New Home 21

Reinventing the Financial System

By Marc Rubinstein | June 15, 2021 | 4 Comments

If you’re like me, you’ve been put off from digging deeper into DeFi by the terrible signal-to-noise ratio of anything crypto-related on the interwebs. That’s why I found this DeFi primer (using Maker DAO as a specific example) by ET contributor and banking analyst Marc Rubinstein to be so fantastic.

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The Widened Gyre

From the ET Forum …

Yesterday, the 20th anniversary of 9/11, I read and heard several mainstream references to “the Widening Gyre”. It makes sense that yesterday would spur that sort of Narrative connection, as the juxtaposition of the political images and texts from then and now is breathtaking. It’s amazing (and obvious), how polarized we’ve become over the past two decades.

But at this point – where the Widening Gyre is not happening but has already occurred – I think what we’re seeing is the Widened Gyre, where everything is autotuned to the poles of the gyre, including references to the Widening Gyre itself!

Case in point, on Twitter I am now routinely criticized for “contributing” to the Widening Gyre if I don’t engage in perfunctory political whataboutism on any topic that has a political dimension … which is to say ALL topics.

What is the Widened Gyre?

Yesterday, the most recent former president of the United States gave a paid speech to Moonies and then made a paid appearance at a sham boxing match where 58-year-old Evander Holyfield was knocked out in 90 seconds.

On 9/11.

And it will change no one’s politically polarized views. Not his supporters. Not his detractors. No one.

The Widened Gyre is a VERY stable equilibrium.

— Ben Hunt | September 12, 2021|

Oh, a Rhinoceros

A video made the rounds on various social media platforms last night and this morning. By now you have probably seen it. A young man presents his case for a mask policy to the school board in Rutherford County, Tennessee. He recalls the death of his grandmother by COVID and begins to express fear that this could happen to other people he cares about.

And that’s where most cuts of the video end. You see, the young man’s speech was interrupted by the shouting and snickering of adults behind him. Adults holding ‘Let our kids smile’ signs.

Source: Rutherford County (TN) Board of Education

Elsewhere on the internet, there is a very similar – and very different – trend emerging. It is a simple Meme. You find someone who dies of COVID or asks for prayer or good thoughts after having downplayed the virus, the vaccine or masks only weeks or days before. Then you juxtapose their statements for internet points. If you’re in a particularly virulent version of this community, maybe you even post something vile on their family’s announcement of the person’s passing on Facebook. This is NOT cherry-picking. There are entire social media sub-communities and hashtags devoted to these memes.

We have written several times about the imagery of Ionesco’s landmark play Rhinoceros. I’m abridging rather thoroughly here, but the main conceit of the play is that the humans gradually change into rhinoceroses. But the shock of the story isn’t the devastation the beasts cause, rampaging about town. The shock is that, at some point, we are no longer shocked. We see the family, friend, neighbor or colleague we once knew and and say simply, “Oh, a rhinoceros.”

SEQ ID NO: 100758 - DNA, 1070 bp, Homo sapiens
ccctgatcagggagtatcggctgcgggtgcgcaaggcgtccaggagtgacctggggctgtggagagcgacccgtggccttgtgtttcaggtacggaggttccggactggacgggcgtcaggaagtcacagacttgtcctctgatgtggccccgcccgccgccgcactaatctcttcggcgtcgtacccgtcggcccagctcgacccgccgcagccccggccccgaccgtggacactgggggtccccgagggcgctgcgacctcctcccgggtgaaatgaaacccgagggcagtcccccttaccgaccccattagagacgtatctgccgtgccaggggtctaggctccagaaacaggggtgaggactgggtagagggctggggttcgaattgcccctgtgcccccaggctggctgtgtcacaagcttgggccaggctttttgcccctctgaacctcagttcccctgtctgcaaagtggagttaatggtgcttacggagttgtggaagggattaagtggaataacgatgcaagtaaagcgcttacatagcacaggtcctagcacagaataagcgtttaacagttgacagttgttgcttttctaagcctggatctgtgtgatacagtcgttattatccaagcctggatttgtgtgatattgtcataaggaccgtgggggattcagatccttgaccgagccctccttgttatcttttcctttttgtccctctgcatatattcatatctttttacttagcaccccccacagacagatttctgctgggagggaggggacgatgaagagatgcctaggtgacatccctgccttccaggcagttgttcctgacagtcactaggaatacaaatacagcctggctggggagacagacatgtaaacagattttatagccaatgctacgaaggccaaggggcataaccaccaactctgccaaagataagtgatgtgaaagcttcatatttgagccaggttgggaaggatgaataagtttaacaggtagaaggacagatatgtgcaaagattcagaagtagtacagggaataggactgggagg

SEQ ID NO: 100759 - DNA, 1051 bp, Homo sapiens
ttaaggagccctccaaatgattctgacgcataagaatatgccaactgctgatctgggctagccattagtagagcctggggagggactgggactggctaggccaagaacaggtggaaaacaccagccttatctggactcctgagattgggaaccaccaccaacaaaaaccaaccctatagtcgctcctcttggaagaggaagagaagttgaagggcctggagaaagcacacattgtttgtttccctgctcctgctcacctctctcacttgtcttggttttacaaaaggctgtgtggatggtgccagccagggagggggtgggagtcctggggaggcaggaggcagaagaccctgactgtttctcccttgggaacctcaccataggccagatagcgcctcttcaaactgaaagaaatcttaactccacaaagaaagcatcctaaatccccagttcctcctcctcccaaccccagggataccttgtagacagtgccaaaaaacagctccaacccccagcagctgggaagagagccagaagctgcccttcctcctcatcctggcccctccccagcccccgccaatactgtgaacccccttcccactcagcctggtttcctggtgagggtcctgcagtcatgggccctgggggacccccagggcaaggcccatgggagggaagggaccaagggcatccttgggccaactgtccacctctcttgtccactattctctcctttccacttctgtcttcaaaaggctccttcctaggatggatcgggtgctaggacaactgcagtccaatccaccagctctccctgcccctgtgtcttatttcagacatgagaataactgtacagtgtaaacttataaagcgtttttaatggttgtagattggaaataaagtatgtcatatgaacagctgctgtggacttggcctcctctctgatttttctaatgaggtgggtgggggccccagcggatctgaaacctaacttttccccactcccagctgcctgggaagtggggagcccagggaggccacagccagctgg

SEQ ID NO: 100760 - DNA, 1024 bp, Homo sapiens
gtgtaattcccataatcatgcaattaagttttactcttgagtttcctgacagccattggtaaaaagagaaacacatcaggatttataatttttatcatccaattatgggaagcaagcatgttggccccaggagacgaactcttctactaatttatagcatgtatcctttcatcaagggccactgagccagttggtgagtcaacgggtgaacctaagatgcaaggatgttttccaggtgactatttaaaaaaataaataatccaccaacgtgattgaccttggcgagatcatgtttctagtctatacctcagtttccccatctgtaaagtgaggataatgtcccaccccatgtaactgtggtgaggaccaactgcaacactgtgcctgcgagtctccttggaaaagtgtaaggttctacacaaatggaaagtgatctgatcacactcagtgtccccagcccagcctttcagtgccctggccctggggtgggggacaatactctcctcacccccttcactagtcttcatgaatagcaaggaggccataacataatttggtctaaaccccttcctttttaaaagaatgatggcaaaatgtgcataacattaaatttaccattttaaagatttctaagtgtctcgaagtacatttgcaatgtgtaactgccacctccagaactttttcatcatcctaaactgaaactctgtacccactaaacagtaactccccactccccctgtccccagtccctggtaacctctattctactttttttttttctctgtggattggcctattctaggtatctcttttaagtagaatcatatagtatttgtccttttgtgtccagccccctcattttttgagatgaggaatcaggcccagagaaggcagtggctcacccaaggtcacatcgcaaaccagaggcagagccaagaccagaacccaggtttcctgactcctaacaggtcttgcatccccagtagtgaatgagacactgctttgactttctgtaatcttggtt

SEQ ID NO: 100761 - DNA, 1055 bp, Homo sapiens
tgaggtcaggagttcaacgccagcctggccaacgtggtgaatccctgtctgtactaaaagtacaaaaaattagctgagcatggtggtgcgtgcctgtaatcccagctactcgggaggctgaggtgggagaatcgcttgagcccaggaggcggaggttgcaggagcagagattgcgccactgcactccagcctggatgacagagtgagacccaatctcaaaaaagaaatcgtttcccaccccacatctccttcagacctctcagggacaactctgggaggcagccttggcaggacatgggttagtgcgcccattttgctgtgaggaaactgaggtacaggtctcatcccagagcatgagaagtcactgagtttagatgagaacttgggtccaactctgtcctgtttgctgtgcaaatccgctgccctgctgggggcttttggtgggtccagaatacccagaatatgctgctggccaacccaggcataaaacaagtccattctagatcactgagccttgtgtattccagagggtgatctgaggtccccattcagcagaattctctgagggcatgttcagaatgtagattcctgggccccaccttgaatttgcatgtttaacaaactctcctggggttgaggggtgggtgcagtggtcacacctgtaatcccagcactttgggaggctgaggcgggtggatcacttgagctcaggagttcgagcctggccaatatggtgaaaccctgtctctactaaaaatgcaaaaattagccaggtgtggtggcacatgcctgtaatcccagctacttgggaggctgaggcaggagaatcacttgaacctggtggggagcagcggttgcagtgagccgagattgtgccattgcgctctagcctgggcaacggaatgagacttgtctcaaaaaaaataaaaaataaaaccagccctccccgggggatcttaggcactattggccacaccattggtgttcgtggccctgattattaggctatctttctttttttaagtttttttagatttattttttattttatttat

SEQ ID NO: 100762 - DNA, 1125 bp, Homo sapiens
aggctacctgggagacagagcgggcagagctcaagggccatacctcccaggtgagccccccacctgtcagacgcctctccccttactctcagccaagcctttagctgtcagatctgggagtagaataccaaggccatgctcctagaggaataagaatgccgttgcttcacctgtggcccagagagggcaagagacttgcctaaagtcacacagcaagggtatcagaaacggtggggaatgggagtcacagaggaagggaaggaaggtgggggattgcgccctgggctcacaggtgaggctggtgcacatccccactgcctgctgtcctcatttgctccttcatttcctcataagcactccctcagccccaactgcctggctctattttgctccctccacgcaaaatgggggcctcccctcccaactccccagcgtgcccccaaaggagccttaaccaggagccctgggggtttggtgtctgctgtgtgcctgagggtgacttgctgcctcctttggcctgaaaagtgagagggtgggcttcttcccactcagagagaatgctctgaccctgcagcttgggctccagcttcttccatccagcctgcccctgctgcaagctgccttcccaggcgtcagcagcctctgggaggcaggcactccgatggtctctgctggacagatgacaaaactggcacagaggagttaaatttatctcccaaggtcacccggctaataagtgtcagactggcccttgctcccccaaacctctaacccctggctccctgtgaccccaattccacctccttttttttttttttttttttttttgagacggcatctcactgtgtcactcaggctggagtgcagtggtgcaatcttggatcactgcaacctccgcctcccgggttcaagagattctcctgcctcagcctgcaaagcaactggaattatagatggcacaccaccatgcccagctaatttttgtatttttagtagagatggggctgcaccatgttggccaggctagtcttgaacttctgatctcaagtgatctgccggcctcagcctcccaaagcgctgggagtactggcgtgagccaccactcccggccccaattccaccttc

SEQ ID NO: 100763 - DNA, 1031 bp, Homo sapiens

Many of us today will shrug and say, “Oh, a rhinocerous” to adults laughing and jeering at a child discussing his grandmother’s death. The Real Issue, you see, is that the child made a statement about the role of masks with inadequate information to justify his claim, and that might unduly influence local policy.

Many of us today will shrug and say, “Oh, a rhinoceros” to those who barge in on a family grieving the loss of someone they shared their entire lives and dreams with. The Real Issue, you see, is the good we can do by making an example of how wrong they were about COVID.

Maybe it’s time to remind ourselves that it isn’t normal for humans to transform into rhinoceroses.

Maybe it’s time to wrap up a little bit less of our individual and collective identity in Being Right About COVID.

Burying the Lede

For news junkies and the Very Online, one of the most well-traveled news stories over the past couple days has been the story of the “American students who are stranded in Afghanistan.”

The first version I read of the story came from this piece published by The Hill, although it borrows heavily from a piece published in the LA Times and San Diego Union-Tribune the same day.

Dozens of California students, parents stranded in Afghanistan after summer trip abroad [The Hill]

The key excerpt if you don’t feel like clicking over is here:

Dozens of California students and parents are stranded in Afghanistan after taking a summer trip to the country.

More than 20 students and 16 parents from the Cajon Valley Union School District in El Cajon, Calif., visited Afghanistan on summer vacation. Now they are among thousands of people who are waiting to leave the country amid the chaotic U.S. withdrawal that has caused political unrest across the nation, according to the Los Angeles Times.